re: Civics [Kathryn Jean Lopez]
A totally crazy Saturday-morning thought: Wouldn't George W. Bush make an awesome high-school government teacher? Wouldn't it be something if his post-presidential life would up being that kind of post-service service? How's that for a model? Who needs Harvard visiting chairs and high-end lectures? How about Crawford High? (Or wherever?) Reach out and touch the young before they are jaded, or break them of the cynicism pop culture and possibly their parents have passed down to them. Whatever you think of President Bush, he's a likable guy in love with his country with some history and experience to share.
Like I said, crazy. Saturday. Have a good one.
07/05 09:06 AM
Please tell me you're joking Kathryn. Please, for the love of all that is holy.
But, what does Bush really want to do?
More from Perrspectives:
First, Mr. Bush said, "I'll give some speeches, just to replenish the ol' coffers." With assets that have been estimated as high as nearly $21 million, Mr. Bush added, "I don't know what my dad gets - it's more than 50-75" thousand dollars a speech, and "Clinton's making a lot of money."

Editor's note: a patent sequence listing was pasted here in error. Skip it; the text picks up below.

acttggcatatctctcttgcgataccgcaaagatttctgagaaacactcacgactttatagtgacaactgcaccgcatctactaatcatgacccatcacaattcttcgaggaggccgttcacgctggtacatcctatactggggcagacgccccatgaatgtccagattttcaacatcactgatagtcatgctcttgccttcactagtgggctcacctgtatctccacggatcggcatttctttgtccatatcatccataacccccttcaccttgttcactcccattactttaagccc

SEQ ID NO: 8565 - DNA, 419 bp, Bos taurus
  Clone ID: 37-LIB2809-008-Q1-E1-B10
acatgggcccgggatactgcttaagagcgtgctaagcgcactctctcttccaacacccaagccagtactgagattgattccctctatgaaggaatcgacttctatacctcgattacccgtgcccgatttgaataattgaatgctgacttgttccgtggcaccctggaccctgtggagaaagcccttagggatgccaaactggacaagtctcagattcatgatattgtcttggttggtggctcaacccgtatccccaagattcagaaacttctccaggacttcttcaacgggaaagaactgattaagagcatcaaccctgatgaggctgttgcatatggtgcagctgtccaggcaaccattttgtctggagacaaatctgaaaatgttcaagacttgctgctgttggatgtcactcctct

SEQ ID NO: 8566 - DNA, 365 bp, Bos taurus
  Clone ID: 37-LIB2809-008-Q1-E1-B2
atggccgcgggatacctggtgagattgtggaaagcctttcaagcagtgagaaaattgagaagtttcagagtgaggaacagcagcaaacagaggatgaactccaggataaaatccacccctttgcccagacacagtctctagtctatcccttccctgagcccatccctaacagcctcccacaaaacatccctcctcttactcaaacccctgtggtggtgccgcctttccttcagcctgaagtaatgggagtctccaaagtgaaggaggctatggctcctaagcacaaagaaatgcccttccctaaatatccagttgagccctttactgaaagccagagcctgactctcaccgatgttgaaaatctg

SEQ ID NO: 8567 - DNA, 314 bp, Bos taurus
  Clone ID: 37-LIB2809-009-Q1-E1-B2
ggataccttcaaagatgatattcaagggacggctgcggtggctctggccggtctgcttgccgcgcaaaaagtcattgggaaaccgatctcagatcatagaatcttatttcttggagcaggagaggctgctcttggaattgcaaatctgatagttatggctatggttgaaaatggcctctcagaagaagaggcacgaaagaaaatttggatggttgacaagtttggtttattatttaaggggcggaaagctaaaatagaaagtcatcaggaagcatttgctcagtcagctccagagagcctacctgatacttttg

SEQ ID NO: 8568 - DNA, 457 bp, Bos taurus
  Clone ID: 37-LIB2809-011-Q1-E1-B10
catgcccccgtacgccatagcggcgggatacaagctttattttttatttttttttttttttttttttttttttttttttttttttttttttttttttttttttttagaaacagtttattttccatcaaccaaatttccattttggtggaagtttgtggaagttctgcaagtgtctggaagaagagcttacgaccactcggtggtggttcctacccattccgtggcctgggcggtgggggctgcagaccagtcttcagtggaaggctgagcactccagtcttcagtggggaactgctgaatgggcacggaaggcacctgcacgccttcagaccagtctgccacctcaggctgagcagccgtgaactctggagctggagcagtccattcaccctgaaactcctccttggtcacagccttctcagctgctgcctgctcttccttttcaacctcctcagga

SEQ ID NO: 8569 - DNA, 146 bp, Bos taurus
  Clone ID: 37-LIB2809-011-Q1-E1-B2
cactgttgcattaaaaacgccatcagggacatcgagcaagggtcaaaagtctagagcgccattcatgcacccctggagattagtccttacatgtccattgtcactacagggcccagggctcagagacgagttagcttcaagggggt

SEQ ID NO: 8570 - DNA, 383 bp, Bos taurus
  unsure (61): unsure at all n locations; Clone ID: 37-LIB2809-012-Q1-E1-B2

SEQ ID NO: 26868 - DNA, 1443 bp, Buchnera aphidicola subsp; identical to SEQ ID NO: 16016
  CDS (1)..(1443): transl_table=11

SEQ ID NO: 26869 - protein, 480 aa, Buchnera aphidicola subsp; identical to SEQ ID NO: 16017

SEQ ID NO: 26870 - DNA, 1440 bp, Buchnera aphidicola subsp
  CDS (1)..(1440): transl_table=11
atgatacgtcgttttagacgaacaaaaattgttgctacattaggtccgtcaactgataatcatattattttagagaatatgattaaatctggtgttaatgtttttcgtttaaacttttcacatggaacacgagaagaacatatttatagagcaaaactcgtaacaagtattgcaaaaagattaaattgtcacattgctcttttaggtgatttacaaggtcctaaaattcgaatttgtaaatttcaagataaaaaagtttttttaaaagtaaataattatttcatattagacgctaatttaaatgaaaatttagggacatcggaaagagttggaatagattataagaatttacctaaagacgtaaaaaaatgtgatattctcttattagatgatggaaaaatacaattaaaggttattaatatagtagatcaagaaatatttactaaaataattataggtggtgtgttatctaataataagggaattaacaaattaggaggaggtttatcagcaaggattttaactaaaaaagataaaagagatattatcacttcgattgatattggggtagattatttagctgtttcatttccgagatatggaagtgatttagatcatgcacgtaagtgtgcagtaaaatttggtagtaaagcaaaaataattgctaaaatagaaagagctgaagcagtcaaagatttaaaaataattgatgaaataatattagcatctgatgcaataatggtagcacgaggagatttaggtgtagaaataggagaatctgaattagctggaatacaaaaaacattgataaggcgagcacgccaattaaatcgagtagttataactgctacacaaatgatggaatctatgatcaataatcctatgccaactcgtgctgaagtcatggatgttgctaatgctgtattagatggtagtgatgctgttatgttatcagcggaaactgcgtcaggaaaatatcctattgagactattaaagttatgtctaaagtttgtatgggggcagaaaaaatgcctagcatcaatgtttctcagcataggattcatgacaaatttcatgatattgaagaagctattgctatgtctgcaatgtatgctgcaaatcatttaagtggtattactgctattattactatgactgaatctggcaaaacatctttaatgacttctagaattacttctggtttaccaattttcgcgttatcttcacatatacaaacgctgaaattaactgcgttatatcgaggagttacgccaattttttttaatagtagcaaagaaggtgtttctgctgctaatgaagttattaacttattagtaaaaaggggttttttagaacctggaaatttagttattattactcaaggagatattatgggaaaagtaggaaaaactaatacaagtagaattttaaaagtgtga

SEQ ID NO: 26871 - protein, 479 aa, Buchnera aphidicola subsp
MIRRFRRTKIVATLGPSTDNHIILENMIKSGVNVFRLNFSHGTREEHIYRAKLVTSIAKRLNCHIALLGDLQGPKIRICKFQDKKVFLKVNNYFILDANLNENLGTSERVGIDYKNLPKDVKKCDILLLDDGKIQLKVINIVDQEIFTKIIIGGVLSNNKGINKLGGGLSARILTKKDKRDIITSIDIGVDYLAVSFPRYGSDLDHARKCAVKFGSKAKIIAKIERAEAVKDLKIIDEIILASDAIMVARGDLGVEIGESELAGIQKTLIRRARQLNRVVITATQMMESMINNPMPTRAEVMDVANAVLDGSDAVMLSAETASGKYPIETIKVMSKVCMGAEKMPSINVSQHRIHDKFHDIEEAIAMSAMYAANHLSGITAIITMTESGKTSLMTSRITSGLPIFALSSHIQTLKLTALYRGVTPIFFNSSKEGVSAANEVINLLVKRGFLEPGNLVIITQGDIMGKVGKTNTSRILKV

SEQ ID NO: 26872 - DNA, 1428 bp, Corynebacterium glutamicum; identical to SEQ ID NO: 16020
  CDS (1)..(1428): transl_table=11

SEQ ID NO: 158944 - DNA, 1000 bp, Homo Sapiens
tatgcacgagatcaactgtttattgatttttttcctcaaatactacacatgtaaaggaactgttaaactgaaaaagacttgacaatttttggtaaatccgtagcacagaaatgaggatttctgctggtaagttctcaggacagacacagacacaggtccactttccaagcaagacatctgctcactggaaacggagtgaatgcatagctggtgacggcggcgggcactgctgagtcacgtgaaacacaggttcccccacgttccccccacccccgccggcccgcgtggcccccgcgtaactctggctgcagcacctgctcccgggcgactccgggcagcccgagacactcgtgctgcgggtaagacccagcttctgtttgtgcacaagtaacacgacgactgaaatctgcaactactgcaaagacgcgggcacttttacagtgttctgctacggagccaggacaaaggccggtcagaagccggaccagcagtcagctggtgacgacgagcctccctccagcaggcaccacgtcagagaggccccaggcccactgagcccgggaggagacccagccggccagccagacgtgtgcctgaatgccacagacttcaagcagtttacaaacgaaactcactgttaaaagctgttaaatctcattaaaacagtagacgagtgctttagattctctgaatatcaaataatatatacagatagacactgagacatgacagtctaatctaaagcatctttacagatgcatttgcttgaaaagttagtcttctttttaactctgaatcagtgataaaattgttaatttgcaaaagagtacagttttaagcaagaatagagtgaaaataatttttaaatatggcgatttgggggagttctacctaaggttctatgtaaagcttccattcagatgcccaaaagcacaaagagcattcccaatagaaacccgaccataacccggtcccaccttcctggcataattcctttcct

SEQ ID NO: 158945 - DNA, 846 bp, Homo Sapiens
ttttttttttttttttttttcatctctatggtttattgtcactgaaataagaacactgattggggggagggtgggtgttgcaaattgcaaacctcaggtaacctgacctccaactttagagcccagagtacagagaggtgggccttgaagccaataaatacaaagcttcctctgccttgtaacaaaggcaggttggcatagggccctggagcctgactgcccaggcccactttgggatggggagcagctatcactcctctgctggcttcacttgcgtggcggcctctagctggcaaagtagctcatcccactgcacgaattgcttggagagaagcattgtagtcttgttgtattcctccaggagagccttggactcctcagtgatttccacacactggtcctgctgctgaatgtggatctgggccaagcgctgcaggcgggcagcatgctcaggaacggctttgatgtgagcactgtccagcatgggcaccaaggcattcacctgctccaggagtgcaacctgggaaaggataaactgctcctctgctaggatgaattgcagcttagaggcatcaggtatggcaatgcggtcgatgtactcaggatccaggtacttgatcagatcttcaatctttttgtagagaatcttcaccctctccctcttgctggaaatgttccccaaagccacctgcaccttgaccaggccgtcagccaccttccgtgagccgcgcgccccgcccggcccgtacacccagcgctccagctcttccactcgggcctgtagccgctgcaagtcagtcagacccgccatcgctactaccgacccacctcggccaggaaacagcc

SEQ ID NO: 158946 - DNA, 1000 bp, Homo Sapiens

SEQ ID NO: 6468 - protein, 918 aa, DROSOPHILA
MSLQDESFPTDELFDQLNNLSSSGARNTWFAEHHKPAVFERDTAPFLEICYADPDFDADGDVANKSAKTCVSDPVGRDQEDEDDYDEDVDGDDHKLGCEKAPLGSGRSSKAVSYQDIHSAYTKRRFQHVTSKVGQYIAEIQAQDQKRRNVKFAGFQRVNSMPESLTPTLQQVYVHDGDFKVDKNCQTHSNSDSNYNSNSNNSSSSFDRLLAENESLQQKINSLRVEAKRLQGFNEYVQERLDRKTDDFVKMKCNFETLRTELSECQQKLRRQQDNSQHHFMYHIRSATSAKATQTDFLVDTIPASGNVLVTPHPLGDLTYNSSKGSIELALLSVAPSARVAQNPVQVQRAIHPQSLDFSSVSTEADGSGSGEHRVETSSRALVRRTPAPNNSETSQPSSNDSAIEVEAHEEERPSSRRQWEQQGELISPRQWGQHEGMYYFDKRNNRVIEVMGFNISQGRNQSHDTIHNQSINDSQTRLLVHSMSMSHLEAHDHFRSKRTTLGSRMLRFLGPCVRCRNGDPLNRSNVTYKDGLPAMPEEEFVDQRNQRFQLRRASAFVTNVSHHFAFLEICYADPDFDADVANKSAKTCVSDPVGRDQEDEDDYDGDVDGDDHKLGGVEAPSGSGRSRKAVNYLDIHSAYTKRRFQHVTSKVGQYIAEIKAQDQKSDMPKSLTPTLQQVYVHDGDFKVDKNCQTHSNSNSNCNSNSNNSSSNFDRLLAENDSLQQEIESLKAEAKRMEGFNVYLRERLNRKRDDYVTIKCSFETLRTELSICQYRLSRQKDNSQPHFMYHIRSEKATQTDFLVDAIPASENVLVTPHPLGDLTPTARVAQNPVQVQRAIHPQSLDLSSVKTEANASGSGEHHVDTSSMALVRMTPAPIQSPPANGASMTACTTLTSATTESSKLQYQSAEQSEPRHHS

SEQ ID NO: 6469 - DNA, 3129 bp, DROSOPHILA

John Perr at C&L has more.
Some former presidents grow in status - and the people’s esteem - only after they leave the White House. Jimmy Carter’s failed term was redeemed in part by his charitable works and efforts for world peace. Bill Clinton’s foundation and campaigns to battle AIDS, disease and natural disasters have made him perhaps the last globally respected American president. Even Richard Nixon’s partial resurrection earned him elder statesman status.
But not President Bush. Already a small man, he will only decrease in stature as leaves the stage in Washington to “replenish the ol’ coffers” and, apparently, just hang out. As Dubya put it last year, “Sixty-two is really young and yet I’ll be through with my presidency.”
When that time comes, Kathryn Jean Lopez has concluded, George W. Bush should bring the lessons of his failed presidency to school children. (Who knows - waterboarding kids for talking in class might even be legal in Texas.) But assuming she’s not joking, in one sense she’s surely right about his role in educating future generations. If nothing else, he would serve as a horrible example.
Is our children learning?